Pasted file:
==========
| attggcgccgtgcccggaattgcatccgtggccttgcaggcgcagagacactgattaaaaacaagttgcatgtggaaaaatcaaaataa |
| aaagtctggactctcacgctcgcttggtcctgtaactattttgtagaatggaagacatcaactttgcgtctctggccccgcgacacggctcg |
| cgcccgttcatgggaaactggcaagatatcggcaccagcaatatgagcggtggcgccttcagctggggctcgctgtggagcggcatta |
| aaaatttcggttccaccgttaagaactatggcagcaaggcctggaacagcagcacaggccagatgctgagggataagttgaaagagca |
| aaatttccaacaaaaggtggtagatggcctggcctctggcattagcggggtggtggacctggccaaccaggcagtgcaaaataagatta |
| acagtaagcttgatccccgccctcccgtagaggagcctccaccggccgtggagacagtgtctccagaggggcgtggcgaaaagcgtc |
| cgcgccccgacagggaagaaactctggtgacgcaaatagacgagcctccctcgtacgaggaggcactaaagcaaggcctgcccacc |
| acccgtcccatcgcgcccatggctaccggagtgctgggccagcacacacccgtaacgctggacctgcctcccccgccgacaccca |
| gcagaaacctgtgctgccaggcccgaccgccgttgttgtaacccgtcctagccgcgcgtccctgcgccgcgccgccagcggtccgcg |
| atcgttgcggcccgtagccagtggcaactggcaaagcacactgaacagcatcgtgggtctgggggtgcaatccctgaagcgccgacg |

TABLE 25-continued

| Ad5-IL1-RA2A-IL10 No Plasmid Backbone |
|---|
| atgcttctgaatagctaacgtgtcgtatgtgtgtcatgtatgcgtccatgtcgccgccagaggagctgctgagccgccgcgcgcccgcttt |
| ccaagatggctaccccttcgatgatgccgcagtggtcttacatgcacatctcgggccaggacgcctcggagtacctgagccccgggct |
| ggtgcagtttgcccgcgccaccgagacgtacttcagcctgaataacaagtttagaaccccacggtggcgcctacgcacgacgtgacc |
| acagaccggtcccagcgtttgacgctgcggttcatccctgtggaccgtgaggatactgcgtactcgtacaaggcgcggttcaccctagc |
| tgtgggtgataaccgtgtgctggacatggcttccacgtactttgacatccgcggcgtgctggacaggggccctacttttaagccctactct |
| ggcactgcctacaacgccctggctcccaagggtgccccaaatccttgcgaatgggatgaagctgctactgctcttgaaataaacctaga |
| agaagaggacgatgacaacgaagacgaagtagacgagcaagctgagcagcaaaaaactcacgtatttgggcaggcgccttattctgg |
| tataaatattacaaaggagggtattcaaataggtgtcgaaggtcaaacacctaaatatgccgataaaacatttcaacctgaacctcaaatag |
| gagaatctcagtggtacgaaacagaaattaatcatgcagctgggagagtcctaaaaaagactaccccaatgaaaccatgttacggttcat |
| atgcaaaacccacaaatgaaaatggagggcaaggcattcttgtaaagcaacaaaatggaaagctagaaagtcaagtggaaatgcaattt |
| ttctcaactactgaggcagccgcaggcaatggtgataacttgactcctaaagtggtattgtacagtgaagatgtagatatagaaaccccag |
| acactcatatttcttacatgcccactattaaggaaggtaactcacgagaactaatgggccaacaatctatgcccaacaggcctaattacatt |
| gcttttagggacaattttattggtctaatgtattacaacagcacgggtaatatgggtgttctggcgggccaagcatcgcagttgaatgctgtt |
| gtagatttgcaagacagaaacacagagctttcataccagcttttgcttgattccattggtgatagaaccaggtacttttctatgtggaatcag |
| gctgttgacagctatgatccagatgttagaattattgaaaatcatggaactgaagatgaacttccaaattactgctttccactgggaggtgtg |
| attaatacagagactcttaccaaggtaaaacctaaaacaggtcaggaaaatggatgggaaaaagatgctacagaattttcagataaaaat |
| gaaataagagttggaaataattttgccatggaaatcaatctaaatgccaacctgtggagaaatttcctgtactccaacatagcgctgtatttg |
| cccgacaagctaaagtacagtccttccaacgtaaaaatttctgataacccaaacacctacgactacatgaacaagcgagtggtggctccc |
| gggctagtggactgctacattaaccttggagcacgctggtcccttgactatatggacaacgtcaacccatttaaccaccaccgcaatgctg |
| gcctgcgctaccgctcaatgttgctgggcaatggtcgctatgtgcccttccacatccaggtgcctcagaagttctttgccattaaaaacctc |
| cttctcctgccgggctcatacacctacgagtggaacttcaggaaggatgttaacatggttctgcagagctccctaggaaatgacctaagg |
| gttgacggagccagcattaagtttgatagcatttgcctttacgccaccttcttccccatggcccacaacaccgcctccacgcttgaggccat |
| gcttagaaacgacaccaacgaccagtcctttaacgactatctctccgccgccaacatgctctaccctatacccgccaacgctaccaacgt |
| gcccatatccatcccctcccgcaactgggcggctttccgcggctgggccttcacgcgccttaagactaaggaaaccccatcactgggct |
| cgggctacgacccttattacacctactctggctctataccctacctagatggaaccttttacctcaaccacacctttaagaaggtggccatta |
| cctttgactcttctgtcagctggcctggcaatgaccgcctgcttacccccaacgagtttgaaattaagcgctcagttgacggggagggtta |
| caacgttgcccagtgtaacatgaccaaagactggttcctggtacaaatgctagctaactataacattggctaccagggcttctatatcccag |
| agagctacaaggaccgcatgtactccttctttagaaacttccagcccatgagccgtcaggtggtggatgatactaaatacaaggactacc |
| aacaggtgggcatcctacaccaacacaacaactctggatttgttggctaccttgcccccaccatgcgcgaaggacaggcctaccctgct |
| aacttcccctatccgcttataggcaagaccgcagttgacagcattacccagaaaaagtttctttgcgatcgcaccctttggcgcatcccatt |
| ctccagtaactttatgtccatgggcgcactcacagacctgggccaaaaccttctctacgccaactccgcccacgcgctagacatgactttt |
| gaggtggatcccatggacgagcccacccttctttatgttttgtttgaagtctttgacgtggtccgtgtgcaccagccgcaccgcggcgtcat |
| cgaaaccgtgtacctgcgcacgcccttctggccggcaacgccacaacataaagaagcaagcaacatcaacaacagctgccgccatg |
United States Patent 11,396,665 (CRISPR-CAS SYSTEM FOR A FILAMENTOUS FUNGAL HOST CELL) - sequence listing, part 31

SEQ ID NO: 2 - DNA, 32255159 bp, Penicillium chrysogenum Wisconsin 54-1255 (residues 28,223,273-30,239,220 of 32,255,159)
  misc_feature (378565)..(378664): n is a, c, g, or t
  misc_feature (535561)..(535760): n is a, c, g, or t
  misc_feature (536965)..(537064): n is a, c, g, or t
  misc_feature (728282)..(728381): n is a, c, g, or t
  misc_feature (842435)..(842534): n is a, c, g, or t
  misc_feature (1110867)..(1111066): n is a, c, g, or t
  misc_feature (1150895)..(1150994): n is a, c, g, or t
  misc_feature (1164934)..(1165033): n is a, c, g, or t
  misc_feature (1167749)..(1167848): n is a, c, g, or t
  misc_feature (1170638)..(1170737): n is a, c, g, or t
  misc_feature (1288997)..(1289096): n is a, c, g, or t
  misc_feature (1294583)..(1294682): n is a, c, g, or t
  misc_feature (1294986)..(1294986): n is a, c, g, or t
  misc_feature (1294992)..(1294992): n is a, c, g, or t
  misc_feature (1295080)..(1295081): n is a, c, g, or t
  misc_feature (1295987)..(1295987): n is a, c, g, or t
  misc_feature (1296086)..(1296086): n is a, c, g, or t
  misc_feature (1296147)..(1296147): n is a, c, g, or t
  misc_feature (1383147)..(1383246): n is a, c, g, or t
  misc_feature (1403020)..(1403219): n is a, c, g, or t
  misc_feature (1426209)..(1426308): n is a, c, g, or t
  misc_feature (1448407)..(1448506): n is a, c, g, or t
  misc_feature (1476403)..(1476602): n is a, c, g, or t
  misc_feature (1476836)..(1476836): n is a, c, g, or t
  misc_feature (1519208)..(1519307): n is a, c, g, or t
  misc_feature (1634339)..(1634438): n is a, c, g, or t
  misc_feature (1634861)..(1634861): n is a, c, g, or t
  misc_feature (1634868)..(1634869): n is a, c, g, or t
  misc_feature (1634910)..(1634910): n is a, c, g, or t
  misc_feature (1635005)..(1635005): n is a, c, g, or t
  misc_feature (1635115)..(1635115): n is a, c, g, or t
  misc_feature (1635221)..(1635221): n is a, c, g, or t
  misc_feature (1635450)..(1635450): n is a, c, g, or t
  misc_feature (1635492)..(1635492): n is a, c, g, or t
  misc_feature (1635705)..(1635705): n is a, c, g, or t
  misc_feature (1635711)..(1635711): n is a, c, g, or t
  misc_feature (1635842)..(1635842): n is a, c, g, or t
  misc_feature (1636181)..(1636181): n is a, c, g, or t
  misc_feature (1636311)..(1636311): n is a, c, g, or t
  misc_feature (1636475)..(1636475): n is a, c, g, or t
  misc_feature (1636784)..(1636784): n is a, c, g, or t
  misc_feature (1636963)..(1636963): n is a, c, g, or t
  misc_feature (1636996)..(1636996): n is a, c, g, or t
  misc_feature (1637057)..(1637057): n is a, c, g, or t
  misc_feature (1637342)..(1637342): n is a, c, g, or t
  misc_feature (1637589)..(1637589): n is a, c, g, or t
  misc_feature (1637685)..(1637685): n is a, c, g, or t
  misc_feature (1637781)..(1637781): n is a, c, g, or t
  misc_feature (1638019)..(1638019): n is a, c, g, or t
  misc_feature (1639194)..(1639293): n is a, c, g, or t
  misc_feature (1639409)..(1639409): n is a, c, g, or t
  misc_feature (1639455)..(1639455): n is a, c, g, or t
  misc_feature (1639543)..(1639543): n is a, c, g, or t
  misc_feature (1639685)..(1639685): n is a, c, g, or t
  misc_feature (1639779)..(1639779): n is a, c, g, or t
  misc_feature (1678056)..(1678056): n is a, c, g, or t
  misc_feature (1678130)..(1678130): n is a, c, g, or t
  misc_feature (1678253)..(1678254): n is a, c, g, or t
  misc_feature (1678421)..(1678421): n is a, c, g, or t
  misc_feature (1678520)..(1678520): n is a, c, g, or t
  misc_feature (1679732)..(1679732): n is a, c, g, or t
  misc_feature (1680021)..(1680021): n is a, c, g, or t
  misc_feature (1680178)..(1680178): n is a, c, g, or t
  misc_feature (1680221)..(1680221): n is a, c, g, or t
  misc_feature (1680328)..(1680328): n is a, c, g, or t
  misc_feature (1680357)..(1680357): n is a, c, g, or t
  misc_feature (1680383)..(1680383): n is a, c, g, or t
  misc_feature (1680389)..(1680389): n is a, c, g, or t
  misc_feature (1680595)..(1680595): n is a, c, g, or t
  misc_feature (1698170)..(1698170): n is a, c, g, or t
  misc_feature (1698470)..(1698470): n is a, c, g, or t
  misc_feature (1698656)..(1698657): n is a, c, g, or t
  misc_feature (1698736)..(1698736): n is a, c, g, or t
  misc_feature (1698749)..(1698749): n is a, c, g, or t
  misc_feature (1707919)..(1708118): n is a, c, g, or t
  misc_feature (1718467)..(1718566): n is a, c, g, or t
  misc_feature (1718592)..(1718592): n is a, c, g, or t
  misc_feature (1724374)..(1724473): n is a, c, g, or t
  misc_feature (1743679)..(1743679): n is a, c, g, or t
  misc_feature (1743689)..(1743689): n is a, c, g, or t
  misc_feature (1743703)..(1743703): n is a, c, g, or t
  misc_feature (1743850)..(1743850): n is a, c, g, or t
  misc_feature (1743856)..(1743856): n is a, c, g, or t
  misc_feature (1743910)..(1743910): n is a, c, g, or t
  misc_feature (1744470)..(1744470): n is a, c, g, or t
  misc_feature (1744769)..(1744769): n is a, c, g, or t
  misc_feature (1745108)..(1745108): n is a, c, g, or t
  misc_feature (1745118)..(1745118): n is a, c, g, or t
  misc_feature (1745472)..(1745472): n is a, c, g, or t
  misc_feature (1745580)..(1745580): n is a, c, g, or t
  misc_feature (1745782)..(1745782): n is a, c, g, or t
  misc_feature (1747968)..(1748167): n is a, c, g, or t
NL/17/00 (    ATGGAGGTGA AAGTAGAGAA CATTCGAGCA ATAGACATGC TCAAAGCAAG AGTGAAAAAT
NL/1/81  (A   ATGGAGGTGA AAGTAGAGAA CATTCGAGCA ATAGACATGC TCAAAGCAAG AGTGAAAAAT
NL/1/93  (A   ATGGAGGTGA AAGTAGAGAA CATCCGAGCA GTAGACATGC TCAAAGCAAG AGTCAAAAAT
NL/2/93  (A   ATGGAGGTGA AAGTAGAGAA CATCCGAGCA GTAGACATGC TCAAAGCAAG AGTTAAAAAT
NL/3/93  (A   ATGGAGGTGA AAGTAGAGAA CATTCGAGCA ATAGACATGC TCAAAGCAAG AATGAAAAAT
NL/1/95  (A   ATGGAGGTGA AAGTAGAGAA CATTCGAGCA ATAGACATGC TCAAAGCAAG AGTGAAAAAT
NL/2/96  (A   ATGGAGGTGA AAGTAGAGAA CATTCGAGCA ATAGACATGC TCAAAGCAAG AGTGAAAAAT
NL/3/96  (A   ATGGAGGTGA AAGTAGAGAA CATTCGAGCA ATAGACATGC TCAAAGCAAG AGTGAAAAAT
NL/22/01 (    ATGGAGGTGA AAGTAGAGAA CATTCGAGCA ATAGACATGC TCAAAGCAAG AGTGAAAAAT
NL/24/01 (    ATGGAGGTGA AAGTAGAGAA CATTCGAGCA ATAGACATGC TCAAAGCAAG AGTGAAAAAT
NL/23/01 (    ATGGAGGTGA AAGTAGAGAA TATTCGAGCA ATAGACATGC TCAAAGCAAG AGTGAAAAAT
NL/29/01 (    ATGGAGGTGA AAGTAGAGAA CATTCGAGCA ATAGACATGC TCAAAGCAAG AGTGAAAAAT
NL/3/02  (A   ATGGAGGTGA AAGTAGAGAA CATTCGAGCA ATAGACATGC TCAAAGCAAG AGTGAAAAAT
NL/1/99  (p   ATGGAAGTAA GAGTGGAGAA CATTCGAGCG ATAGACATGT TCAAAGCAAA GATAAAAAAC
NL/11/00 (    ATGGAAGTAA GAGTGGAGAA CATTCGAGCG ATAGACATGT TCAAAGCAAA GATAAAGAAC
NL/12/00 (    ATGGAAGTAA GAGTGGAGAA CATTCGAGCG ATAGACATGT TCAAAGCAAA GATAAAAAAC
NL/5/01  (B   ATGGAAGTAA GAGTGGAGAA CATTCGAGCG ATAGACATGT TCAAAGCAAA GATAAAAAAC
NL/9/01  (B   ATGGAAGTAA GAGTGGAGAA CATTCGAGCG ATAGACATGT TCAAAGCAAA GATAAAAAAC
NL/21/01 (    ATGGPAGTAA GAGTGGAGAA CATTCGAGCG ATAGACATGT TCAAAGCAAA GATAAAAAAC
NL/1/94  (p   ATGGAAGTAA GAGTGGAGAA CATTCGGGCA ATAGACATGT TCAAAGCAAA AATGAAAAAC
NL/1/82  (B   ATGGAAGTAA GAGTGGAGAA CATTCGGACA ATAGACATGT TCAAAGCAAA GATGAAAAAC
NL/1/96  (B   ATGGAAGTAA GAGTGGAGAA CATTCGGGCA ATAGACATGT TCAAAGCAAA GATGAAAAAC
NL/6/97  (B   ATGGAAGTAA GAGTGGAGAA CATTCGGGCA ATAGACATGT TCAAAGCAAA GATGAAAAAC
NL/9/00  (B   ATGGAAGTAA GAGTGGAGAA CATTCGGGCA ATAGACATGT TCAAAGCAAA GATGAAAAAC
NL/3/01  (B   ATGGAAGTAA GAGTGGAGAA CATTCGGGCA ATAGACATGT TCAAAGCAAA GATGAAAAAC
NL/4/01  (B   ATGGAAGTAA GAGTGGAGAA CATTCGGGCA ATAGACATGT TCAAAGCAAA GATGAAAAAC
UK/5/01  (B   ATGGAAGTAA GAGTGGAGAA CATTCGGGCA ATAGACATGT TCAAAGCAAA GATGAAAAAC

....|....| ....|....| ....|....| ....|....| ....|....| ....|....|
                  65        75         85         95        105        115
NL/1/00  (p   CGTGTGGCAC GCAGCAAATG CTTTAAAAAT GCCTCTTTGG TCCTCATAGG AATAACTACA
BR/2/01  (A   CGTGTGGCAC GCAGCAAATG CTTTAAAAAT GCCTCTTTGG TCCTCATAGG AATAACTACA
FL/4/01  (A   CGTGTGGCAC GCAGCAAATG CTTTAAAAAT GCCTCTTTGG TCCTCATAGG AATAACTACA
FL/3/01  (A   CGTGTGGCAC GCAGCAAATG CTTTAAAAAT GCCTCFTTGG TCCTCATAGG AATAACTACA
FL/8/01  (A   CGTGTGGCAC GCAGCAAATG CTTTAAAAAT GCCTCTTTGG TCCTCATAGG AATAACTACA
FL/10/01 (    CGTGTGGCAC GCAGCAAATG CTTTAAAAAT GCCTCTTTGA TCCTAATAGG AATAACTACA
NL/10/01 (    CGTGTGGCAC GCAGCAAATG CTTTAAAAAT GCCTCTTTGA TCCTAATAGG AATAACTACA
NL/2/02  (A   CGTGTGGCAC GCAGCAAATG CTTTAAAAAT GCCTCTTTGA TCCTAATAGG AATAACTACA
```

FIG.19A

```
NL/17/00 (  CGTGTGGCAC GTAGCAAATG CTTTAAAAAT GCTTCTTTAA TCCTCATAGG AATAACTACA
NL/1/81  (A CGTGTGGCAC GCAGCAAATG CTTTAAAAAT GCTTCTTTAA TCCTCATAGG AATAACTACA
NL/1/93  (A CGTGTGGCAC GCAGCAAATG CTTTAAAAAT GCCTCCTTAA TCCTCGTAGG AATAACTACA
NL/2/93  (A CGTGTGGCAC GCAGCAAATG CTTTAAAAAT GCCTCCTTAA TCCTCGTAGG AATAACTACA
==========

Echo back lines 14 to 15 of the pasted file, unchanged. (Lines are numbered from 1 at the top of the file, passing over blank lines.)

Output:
| atgcttctgaatagctaacgtgtcgtatgtgtgtcatgtatgcgtccatgtcgccgccagaggagctgctgagccgccgcgcgcccgcttt |
| ccaagatggctaccccttcgatgatgccgcagtggtcttacatgcacatctcgggccaggacgcctcggagtacctgagccccgggct |